Milling the Wood

Every sound tree that was cut is being milled for use in the house.

A person from the local area brought his portable mill to our site. He then proceeded to cut the logs into slabs. Later the milling was done by our grandson, Spencer West, owner of Westwoods Working.

The big-leaf maple was rough-cut for flooring.

The red alder trees were cut in larger slabs so we can use it for paneling, cabinetry, and some flooring.

We were able to obtain some time in a private kiln, so we loaded up the maple and took it there fore three weeks of kiln-drying.

We were hoping to have one room with flooring made of salvaged chestnut. As you may know, the American chestnut is a magnificent tree that used to be a dominant species in the Eastern forests of the US, but it was almost entirely killed off by the introduced chestnut blight. Only a few isolated stands and individual chestnut trees -- ones that were spared from the blight -- still exist. Scientists and organizations such as the Arbor Day Foundation have been working for decades to develop a blight-resistant strain of American chestnut so it can once again be restored to the Eastern forests. More about the American chestnut...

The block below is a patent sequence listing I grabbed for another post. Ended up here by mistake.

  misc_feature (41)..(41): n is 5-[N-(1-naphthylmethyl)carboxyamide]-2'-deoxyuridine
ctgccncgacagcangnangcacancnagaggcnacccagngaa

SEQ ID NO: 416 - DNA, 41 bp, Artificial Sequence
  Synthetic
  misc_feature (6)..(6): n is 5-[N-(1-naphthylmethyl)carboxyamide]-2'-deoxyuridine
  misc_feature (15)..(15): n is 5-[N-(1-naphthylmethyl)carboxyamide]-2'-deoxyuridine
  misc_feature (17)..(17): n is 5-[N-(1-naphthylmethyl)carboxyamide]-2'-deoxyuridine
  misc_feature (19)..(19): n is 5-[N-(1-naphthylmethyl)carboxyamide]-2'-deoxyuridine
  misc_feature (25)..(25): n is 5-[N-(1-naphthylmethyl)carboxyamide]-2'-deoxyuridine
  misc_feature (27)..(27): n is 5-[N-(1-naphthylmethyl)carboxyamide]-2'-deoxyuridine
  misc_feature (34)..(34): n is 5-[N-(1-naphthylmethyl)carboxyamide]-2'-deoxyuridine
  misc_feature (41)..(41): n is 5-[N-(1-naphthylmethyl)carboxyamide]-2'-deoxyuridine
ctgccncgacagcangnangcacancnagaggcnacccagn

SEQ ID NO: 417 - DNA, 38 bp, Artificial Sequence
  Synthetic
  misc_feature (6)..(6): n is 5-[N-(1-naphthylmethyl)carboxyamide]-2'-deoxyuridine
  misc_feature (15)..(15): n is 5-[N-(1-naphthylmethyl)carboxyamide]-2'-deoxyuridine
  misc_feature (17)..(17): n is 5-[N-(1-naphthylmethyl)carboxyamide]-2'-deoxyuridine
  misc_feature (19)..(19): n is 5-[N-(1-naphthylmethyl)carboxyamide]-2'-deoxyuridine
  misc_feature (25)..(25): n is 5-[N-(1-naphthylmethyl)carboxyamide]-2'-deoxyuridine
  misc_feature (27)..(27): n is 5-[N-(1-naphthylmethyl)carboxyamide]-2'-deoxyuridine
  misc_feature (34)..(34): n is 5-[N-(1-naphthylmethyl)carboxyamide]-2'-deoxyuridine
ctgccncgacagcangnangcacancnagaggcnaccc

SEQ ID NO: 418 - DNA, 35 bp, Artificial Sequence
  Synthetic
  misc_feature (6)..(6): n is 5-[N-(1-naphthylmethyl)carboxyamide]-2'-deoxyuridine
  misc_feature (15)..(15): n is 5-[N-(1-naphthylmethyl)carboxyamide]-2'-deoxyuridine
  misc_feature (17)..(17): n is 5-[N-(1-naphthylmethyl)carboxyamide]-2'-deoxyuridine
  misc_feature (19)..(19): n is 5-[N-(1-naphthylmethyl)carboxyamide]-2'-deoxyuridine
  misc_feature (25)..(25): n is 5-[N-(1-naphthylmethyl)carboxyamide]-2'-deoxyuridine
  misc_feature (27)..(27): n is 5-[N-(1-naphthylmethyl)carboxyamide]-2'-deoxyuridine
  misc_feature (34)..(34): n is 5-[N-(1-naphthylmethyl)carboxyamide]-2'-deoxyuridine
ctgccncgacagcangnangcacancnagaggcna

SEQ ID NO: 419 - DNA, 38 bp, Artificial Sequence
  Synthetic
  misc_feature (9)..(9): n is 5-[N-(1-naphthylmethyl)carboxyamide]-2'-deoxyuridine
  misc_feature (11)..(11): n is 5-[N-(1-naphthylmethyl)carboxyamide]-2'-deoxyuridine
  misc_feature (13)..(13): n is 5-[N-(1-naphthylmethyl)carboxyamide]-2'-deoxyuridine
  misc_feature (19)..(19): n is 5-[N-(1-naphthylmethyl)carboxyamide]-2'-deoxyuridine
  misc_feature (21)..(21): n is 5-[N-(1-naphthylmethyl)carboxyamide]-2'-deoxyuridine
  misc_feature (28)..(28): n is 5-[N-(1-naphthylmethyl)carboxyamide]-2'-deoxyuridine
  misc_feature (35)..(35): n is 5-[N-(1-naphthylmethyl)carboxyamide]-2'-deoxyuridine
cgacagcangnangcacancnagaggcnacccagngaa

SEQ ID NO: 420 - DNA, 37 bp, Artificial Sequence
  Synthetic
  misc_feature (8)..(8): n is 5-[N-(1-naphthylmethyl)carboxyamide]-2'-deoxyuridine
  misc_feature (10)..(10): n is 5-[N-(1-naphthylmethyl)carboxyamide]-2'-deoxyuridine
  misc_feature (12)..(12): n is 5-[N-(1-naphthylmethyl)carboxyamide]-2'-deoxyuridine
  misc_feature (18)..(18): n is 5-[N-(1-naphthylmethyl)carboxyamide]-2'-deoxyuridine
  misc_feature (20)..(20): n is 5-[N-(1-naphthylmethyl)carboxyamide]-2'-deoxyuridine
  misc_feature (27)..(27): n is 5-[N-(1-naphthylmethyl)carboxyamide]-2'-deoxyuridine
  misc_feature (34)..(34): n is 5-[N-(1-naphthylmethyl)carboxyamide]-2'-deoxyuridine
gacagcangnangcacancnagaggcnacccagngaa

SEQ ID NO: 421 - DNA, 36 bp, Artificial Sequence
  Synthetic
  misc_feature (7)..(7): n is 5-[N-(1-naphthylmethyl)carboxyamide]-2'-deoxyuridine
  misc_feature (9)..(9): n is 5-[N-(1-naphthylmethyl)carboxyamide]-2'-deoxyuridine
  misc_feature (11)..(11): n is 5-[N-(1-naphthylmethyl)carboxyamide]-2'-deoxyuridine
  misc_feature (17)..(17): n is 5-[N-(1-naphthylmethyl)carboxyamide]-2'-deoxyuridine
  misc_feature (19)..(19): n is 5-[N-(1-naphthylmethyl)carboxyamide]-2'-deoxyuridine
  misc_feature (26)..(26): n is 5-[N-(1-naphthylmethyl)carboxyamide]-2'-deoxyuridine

We realized, though, that salvaged chestnut would have to be shipped from the East, which would not be economically or environmentally good. One day we were at Second Use -- a store in Seattle that sells salvaged building materials -- and we discovered a cart-load of chestnut wood, rough-milled from a tree that had been growing in the Ballard neighborhood. They were selling it at a price of three pieces for a dollar. We bought the entire cart-load, which we estimate will cover 200 sq ft, for $40.

Then we transported the maple and chestnut to Eden Saw in Port Townsend, where it was fine-milled into floor boards. We asked the people at Eden Saw if they thought that our chestnut really is American chestnut -- there are several other species of chestnut around the world. They said that they believed it is indeed American chestnut.

We brought the floor boards home and stored them in a shipping container that we rented from National Construction Rentals for the following several months.

Next:  Excavation...

Milling a maple log
May 2007 Milling a maple log
May 2007 Stacking wood on a trailer for transport to the kiln
September 2007 Eden Saw
Port Townsend, WA Delivery of the shipping container

Getting Ready | Well | Milling Wood | Excavation | Concrete
Framing | More Framing | Plumbing | Electrical | Floors | Roofing

What's Happening Now:
Late Oct | Early Nov | Mid-Nov | Late Nov | Early Dec | Late Dec
Early Jan | Late Jan | Early Feb | Late Feb | Early March | Mid-April - Done!